Local News

NJ Dorm Fire a Frightening Reminder to NC Students

Posted January 20, 2000

— A dorm fire Wednesday at Seton Hall University that killed three students has brought back chilling memories for people around here.

The dorm at Seton Hall did not have sprinklers. Neither didUNC-Chapel Hill's Phi Gamma Delta house back in 1996, when five people died in an early morning fire on graduation day.

Chapel Hill now has a law requiring all Greek Houses to have sprinkler systems by next year. Leaders at UNC and other Triangle universities have taken steps to make things safer, but they also expect students to do their part.

Crowded dorm rooms are common on any college campus, as are smoke detectors and fire alarms. But when the alarm goes off, not all students take it seriously.

"Safety first, but if you're woken up in the middle of the night, you're not really thinking about that. You're thinking about more sleep. It's easy to stay in bed. It's real easy to stay in bed," saysN.C. Statefreshman Nick Potisek.

That tendency is a growing concern at area colleges and universities because while most alarms turn out to be false, recent fires at UNC-Chapel Hill andShaw Universitywere the real thing.

Housing officials at N.C. State say the fire at Seton Hall should be a wake-up call.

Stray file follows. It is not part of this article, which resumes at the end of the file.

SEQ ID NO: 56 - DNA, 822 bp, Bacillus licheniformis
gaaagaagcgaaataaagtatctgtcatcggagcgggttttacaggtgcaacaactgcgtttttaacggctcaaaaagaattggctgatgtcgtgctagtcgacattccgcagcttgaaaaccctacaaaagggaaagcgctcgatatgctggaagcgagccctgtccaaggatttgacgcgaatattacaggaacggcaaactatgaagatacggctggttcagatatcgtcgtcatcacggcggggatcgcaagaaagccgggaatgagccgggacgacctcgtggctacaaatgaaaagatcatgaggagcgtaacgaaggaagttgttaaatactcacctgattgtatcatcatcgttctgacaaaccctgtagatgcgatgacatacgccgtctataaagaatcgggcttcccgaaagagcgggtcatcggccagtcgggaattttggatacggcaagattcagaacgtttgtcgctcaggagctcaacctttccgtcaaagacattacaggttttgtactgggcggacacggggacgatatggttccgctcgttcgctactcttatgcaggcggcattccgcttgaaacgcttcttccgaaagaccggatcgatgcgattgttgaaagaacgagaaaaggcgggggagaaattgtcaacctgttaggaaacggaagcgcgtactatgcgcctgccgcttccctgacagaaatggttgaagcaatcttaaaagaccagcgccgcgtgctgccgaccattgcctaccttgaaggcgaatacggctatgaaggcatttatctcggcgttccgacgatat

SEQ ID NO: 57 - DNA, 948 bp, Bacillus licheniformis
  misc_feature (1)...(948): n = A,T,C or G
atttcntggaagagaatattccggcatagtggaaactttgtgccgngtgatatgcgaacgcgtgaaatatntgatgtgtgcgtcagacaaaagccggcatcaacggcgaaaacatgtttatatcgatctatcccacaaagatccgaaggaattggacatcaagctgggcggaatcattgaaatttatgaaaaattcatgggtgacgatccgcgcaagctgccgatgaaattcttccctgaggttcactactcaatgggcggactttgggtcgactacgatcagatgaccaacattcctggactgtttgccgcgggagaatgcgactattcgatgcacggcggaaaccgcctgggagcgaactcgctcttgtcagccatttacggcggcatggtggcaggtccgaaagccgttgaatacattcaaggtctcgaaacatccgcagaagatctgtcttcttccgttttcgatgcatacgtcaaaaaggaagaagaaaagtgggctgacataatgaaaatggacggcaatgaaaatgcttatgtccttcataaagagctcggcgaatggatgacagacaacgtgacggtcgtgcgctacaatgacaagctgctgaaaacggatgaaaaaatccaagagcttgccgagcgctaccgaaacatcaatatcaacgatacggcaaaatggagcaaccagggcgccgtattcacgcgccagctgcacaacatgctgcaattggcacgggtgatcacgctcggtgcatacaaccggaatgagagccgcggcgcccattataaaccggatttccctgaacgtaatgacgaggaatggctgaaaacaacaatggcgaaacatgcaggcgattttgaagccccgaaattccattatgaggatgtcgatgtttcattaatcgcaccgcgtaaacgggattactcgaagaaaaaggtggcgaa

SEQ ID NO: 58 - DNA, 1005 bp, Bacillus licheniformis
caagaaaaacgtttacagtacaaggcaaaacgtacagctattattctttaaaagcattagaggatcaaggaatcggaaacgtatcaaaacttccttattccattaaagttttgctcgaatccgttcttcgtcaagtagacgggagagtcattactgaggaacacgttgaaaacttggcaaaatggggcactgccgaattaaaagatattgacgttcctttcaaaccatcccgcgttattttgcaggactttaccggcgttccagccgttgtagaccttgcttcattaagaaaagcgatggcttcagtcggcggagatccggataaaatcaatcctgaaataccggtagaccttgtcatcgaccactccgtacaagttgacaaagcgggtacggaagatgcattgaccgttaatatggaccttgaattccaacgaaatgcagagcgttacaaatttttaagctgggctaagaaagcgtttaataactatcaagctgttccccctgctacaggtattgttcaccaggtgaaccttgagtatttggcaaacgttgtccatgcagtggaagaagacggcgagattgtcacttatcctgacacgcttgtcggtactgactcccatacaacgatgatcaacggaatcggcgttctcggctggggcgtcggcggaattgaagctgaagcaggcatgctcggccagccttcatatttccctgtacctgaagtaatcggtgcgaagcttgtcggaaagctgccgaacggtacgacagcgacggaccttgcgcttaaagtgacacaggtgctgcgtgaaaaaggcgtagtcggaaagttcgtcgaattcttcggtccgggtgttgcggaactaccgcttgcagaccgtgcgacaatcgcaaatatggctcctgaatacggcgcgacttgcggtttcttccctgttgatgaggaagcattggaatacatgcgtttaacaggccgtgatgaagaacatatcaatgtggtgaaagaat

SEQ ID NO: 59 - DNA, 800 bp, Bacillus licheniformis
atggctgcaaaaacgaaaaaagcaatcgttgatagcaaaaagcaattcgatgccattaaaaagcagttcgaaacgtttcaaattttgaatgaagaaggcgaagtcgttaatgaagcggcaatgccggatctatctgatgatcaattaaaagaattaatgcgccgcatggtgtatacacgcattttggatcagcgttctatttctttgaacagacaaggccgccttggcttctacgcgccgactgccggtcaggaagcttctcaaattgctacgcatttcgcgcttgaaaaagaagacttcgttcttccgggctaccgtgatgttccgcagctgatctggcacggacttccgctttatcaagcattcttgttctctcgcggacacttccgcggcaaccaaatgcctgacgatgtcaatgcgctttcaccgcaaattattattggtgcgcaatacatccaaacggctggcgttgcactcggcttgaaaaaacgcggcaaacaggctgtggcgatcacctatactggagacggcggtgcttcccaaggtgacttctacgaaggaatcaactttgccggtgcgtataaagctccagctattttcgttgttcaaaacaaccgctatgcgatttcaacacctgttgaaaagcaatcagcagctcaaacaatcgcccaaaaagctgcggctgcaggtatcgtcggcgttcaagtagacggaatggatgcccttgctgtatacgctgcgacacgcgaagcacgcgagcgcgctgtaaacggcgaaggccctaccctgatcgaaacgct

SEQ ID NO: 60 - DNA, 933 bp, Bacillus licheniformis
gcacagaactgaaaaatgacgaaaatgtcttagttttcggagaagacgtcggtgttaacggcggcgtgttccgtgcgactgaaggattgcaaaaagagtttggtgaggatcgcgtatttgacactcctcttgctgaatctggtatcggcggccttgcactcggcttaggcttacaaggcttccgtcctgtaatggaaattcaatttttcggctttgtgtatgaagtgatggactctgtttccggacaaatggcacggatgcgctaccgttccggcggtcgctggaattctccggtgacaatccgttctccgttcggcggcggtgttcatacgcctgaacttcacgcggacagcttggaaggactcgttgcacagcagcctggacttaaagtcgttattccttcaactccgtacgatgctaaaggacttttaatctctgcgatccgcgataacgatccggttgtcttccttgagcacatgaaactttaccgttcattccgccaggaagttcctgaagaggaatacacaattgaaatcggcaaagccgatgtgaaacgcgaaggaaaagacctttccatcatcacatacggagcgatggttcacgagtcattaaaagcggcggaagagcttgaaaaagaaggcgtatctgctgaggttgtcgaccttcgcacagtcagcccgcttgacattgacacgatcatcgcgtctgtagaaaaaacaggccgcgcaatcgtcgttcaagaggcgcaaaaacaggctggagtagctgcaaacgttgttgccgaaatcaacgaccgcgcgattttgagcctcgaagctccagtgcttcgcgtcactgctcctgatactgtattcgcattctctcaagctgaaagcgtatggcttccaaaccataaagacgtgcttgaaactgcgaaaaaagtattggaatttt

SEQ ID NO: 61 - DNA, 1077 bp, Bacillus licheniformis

"There were students that lost their lives, and there were also students that left the building in their pajamas, but I think they're grateful for that because they actually heeded the alarm," says university housing coordinator Justine Hollingshead.

Fire protection officers conduct fire drills at N.C. State twice a semester. They also conduct inspections to check for safety hazards in rooms, like overloaded sockets, burning candles left unattended, and halogen lamps.

About half the students at N.C. State live in dorms that are equipped with sprinkler systems. The university hopes to have sprinklers in all dorm rooms in five to seven years.

Suspicious activity caused about 29 percent of the fires. Fifteen percent were started by careless cooking. Smoking was blamed on 10 percent of the fires.

Other causes include heating fixtures, electrical cords, appliances and open flames.


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